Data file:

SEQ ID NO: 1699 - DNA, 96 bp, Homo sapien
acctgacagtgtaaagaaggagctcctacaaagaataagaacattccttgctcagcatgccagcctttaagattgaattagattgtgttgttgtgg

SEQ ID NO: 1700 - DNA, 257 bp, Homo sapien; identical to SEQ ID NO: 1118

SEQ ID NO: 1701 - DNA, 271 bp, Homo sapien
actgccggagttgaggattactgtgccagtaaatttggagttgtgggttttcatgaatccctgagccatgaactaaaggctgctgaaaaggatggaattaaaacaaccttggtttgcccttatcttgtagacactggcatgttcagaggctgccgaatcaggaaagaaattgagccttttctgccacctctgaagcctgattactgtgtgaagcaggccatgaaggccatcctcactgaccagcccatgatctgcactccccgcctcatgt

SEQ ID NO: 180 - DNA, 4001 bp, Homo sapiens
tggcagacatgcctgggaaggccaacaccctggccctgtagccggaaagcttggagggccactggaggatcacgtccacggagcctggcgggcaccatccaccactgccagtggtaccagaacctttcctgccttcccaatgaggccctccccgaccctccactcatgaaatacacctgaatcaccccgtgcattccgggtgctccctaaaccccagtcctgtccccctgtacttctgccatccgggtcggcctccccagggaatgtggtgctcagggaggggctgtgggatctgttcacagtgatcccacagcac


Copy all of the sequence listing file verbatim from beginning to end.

SEQ ID NO: 1699 - DNA, 96 bp, Homo sapien
acctgacagtgtaaagaaggagctcctacaaagaataagaacattccttgctcagcatgccagcctttaagattgaattagattgtgttgttgtgg

SEQ ID NO: 1700 - DNA, 257 bp, Homo sapien; identical to SEQ ID NO: 1118

SEQ ID NO: 1701 - DNA, 271 bp, Homo sapien
actgccggagttgaggattactgtgccagtaaatttggagttgtgggttttcatgaatccctgagccatgaactaaaggctgctgaaaaggatggaattaaaacaaccttggtttgcccttatcttgtagacactggcatgttcagaggctgccgaatcaggaaagaaattgagccttttctgccacctctgaagcctgattactgtgtgaagcaggccatgaaggccatcctcactgaccagcccatgatctgcactccccgcctcatgt

SEQ ID NO: 180 - DNA, 4001 bp, Homo sapiens
tggcagacatgcctgggaaggccaacaccctggccctgtagccggaaagcttggagggccactggaggatcacgtccacggagcctggcgggcaccatccaccactgccagtggtaccagaacctttcctgccttcccaatgaggccctccccgaccctccactcatgaaatacacctgaatcaccccgtgcattccgggtgctccctaaaccccagtcctgtccccctgtacttctgccatccgggtcggcctccccagggaatgtggtgctcagggaggggctgtgggatctgttcacagtgatcccacagcac